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that time. >> lost all but one of her goats to a nighttime lion attack. >> translator: there are no jobs mountain village an we rely on livestock for income for the family. i applied to the government for compensation for my lost animals but i'm still waiting to be paid. >> continuing patrols to keep dangerous animals out. installation of modern sanitation have come to a halt. the government is promoting photo tourism but it's been delayed. f. >> the problem is we stopped hunting before we met the photographic activities, structures in place much that's where the problem is. so we didn't -- we migrated to zero. >> tatba village is surrounded by wildlife including elephant buffalo and hippos, people say
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hunting kept wild animals away and provided the community with meat. they want the ban lifted. the country's environment minister says in a population of thousands, under 40 elephants have been poached this year. >> more communities will benefit from nonconsumptive tourism. it goods for the entire year and it employs more people. now, product on tourism is wildlife, if we can increase those numbers then obviously the offshoot of that will be more tourists. >> is botswana, famida miller, al jazeera, botswana. >> walter palmer will not be charged by the zimbabwen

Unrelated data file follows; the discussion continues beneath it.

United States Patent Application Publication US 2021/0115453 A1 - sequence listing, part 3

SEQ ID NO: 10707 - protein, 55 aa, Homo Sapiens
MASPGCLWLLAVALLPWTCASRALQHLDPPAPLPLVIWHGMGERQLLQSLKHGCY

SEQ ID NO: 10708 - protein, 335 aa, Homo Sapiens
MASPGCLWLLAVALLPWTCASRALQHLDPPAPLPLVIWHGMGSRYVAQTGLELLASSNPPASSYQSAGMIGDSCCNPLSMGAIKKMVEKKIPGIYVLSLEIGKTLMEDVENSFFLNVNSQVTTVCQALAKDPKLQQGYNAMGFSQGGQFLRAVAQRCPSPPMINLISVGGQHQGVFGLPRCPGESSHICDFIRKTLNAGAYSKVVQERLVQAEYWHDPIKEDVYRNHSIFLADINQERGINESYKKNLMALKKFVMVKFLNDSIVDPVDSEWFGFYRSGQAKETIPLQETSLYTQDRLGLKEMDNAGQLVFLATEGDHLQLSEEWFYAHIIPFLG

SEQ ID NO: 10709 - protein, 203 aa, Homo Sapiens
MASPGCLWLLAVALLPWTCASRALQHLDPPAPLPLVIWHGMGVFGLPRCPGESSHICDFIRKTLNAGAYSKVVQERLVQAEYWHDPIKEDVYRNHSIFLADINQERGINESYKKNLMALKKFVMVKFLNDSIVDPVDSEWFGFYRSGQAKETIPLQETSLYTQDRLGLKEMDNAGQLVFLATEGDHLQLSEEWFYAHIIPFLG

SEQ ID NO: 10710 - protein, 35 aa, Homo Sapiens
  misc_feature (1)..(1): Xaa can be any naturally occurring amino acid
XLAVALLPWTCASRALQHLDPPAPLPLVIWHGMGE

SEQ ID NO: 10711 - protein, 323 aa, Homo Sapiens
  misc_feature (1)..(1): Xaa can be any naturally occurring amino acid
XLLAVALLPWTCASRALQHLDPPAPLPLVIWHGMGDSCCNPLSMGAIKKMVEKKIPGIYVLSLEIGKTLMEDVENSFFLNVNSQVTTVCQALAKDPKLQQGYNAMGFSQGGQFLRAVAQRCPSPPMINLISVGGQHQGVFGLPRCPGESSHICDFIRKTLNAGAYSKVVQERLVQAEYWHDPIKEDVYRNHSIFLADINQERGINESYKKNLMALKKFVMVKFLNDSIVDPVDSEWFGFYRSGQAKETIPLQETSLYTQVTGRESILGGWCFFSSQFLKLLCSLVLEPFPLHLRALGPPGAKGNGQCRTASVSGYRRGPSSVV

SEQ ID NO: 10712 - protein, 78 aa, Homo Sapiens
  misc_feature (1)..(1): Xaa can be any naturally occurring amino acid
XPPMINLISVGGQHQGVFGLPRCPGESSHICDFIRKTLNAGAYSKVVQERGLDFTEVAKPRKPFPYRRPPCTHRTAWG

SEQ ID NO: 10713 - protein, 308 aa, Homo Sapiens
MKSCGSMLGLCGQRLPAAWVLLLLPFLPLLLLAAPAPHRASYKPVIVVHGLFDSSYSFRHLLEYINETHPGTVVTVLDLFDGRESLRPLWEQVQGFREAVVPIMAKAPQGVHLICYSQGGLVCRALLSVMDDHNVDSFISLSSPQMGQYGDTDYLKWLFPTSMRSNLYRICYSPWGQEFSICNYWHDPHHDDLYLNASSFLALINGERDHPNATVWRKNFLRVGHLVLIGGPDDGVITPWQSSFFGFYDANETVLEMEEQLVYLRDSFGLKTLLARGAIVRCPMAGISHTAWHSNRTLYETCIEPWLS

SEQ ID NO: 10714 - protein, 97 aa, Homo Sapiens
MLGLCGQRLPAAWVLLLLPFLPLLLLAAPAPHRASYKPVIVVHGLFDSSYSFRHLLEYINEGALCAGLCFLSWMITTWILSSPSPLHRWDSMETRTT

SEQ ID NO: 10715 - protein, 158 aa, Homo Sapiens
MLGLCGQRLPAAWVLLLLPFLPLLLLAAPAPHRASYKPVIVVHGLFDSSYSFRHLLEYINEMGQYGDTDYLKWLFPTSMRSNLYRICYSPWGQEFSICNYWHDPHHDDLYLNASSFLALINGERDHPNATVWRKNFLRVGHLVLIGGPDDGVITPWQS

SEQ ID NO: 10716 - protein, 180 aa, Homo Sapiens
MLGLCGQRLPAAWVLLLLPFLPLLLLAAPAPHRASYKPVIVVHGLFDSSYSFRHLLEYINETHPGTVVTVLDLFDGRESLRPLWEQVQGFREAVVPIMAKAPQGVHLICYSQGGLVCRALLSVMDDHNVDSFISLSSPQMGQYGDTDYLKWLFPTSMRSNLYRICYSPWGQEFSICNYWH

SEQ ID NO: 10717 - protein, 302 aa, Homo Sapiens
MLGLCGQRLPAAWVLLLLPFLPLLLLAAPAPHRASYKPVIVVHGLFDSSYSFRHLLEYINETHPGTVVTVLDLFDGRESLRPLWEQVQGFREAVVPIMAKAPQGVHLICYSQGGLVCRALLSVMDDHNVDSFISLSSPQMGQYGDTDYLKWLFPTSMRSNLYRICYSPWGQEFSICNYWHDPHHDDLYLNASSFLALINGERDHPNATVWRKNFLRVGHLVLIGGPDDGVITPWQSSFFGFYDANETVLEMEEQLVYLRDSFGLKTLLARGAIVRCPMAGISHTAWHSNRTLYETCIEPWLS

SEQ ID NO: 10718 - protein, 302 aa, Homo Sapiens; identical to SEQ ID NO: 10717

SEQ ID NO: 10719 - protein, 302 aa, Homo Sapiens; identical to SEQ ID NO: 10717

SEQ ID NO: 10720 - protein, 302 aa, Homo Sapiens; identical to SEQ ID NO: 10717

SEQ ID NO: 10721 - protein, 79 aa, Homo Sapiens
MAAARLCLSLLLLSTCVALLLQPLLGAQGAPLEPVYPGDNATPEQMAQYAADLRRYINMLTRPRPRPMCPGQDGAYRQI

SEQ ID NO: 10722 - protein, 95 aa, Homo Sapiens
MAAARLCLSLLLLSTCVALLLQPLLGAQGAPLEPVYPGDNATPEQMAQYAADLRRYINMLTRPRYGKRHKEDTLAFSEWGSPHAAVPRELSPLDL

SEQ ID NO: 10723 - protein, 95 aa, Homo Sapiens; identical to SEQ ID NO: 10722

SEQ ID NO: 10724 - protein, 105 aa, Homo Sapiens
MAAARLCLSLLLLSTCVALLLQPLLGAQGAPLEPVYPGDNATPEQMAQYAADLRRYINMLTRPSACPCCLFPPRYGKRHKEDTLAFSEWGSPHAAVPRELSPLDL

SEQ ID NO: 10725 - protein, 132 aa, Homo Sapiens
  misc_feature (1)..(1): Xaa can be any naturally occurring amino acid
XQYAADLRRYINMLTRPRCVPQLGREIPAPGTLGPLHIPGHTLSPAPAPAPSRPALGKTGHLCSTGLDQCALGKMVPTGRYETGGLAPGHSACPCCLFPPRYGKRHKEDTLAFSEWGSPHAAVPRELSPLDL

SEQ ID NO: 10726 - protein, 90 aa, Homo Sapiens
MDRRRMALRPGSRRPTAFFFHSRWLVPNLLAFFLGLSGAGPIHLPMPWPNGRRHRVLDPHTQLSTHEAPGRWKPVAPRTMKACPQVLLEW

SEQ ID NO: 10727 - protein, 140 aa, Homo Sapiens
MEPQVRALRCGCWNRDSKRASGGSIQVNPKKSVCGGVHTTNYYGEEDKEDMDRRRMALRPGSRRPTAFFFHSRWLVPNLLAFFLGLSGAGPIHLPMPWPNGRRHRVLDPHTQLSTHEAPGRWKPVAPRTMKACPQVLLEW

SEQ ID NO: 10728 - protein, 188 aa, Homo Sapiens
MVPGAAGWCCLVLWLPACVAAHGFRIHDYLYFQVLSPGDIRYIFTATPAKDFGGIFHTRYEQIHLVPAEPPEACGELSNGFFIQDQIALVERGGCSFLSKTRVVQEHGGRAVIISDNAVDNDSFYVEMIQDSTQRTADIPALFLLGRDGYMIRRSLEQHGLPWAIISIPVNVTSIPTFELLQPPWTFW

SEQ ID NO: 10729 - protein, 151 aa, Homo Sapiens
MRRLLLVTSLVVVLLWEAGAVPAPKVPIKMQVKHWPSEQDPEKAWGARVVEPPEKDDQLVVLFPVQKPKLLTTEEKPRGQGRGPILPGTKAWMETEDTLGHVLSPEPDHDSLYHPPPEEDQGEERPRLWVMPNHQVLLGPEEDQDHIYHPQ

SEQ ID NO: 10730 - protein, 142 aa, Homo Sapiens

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authorities. zimbabwe's environment minister says palmer will not be charged because he went through the legal channels to obtain a permit. john hendren visited a forensics science laboratory. >> a miss tear using intnt calling it cicada 3301. who is behind it? >> mia has been speculated, mi-6, cia, terrorist groups like al qaeda. another possibility is it's a big hoax. >> solving the puzzle takes an